> Get your FREE download of MSN Explorer at http://explorer.msn.com
                                            >
                                            >
                                            >
                                            > To unsubscribe from this group, send an email to:
                                            > existlist-unsubscribe@yahoogroups.com
                                            >
                                            >
                                            >
                                            > Your use of Yahoo! Groups is subject to http://docs.yahoo.com/info/terms/
                                            >
                                            >
                                          • Edward Alf
                                            Bill et folks, i should hardly think that the concept of liberty and the pursuit of happiness was unknown until stated by an american president .... eduard ...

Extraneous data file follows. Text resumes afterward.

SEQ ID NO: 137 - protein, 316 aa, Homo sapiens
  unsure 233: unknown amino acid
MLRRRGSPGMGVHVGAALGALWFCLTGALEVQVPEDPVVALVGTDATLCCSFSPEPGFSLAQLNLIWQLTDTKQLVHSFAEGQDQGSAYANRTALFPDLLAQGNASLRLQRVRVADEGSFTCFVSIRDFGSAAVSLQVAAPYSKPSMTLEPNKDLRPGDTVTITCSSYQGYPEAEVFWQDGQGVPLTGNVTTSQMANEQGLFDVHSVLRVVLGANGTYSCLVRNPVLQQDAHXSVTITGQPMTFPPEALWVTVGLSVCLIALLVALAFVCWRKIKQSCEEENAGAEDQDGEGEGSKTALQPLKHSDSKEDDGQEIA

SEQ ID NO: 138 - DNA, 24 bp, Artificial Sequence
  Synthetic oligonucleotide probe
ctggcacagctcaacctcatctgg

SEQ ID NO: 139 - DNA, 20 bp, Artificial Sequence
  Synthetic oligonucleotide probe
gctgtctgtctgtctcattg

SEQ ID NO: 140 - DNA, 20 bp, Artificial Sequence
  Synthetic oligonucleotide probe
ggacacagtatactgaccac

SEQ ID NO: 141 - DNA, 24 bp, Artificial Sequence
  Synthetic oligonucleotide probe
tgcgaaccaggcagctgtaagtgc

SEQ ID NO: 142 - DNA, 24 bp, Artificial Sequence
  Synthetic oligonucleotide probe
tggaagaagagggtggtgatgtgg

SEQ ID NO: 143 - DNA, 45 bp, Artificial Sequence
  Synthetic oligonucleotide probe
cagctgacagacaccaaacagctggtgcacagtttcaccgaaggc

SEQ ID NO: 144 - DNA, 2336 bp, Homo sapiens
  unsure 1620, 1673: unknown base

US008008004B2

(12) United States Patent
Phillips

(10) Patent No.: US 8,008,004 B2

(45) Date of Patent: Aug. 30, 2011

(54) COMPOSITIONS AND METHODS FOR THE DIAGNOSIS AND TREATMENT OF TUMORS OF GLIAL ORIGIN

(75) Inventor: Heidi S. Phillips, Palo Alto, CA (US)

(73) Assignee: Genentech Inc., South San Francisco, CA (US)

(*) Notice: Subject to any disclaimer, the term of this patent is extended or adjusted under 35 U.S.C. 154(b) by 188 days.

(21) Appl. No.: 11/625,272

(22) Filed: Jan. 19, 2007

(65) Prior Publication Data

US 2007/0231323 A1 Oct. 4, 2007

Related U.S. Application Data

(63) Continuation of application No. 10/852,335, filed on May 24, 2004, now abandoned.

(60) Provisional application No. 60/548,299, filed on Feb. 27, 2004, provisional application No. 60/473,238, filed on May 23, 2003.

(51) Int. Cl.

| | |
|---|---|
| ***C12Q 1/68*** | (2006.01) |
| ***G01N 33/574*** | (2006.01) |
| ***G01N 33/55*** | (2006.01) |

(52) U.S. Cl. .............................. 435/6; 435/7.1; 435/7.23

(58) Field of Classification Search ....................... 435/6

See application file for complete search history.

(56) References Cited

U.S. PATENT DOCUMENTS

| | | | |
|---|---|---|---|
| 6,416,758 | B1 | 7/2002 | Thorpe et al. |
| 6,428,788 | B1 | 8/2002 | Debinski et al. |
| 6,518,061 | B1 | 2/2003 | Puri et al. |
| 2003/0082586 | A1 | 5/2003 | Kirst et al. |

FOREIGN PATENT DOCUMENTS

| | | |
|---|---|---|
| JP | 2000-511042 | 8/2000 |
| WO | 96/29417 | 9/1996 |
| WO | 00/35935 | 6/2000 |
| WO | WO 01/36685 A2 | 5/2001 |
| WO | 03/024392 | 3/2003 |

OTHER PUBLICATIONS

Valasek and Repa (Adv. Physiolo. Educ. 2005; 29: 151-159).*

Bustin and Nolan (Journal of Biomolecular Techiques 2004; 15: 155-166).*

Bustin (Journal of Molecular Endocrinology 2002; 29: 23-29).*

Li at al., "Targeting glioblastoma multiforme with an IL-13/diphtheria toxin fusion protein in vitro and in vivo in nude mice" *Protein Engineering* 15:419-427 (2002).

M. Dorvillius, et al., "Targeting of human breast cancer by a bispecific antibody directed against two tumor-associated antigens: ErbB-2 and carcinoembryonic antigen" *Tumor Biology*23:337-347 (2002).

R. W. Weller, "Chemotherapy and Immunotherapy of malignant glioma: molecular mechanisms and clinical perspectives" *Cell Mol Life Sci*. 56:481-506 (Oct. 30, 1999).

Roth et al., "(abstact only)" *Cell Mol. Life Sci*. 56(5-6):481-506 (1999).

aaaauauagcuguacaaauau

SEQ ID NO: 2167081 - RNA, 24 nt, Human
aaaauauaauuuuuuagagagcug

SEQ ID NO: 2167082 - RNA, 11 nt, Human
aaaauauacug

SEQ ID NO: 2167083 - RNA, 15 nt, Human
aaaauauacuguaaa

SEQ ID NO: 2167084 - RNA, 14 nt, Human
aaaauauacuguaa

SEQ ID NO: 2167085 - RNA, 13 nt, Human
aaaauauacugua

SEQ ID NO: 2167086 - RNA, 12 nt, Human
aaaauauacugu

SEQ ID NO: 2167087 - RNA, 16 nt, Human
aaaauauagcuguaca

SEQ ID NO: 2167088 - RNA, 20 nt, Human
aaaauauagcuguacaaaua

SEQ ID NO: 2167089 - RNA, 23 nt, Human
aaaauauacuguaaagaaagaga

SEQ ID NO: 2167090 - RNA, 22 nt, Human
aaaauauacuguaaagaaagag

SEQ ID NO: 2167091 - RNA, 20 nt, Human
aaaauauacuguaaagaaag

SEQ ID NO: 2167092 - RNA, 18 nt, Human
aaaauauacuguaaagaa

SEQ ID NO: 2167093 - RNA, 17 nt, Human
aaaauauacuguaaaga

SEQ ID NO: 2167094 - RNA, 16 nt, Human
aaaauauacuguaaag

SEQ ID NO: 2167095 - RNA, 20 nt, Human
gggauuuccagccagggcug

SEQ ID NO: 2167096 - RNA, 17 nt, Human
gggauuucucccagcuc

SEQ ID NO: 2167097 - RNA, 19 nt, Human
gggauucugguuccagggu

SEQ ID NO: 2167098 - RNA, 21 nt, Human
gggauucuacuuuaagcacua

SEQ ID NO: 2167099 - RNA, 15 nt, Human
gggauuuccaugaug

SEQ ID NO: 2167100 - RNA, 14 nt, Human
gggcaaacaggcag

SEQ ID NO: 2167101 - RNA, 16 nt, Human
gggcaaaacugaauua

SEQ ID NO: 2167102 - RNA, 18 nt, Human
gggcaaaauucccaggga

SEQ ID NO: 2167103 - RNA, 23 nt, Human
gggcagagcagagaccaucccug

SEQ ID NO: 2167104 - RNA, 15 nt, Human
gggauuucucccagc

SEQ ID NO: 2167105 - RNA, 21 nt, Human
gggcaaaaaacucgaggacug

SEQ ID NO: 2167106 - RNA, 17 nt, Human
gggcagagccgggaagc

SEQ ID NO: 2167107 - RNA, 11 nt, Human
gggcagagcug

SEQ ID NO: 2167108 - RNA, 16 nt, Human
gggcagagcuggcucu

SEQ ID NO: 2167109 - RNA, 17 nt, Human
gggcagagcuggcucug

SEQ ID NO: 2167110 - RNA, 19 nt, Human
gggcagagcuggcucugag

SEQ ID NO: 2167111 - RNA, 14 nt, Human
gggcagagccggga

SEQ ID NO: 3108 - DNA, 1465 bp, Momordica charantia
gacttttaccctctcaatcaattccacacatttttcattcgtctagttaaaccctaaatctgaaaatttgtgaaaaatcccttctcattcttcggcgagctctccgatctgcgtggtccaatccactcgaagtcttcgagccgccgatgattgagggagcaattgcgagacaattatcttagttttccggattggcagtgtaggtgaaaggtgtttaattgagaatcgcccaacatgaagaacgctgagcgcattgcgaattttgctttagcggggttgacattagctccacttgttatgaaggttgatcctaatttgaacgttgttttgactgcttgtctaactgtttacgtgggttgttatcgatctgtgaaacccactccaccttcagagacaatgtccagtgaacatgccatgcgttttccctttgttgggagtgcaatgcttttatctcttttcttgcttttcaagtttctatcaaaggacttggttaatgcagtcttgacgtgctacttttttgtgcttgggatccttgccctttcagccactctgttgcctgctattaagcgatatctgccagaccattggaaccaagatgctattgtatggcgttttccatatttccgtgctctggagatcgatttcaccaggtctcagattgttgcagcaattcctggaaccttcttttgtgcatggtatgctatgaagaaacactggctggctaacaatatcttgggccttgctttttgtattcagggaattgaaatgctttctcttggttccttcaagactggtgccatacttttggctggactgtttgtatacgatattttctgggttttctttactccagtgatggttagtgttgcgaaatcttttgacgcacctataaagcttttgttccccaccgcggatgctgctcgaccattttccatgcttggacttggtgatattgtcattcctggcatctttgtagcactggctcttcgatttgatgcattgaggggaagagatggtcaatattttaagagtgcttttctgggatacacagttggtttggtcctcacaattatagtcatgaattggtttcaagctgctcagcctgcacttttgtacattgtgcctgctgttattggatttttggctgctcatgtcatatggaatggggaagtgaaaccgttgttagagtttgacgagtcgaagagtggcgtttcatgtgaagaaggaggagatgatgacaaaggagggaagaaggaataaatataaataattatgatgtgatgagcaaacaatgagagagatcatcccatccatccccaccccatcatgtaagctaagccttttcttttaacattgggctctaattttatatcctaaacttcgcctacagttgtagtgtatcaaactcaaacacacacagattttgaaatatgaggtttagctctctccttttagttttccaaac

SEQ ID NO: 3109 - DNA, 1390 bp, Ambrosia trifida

Message 21 of 22 , Apr 8 5:22 PM
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                                              Bill et folks,

                                              i should hardly think that the concept of liberty and the pursuit of
                                              happiness was unknown until stated by an american president ....

                                              eduard


                                              ----- Original Message -----
                                              From: "Bill Harris" <bhvwd@...>
                                              To: <existlist@yahoogroups.com>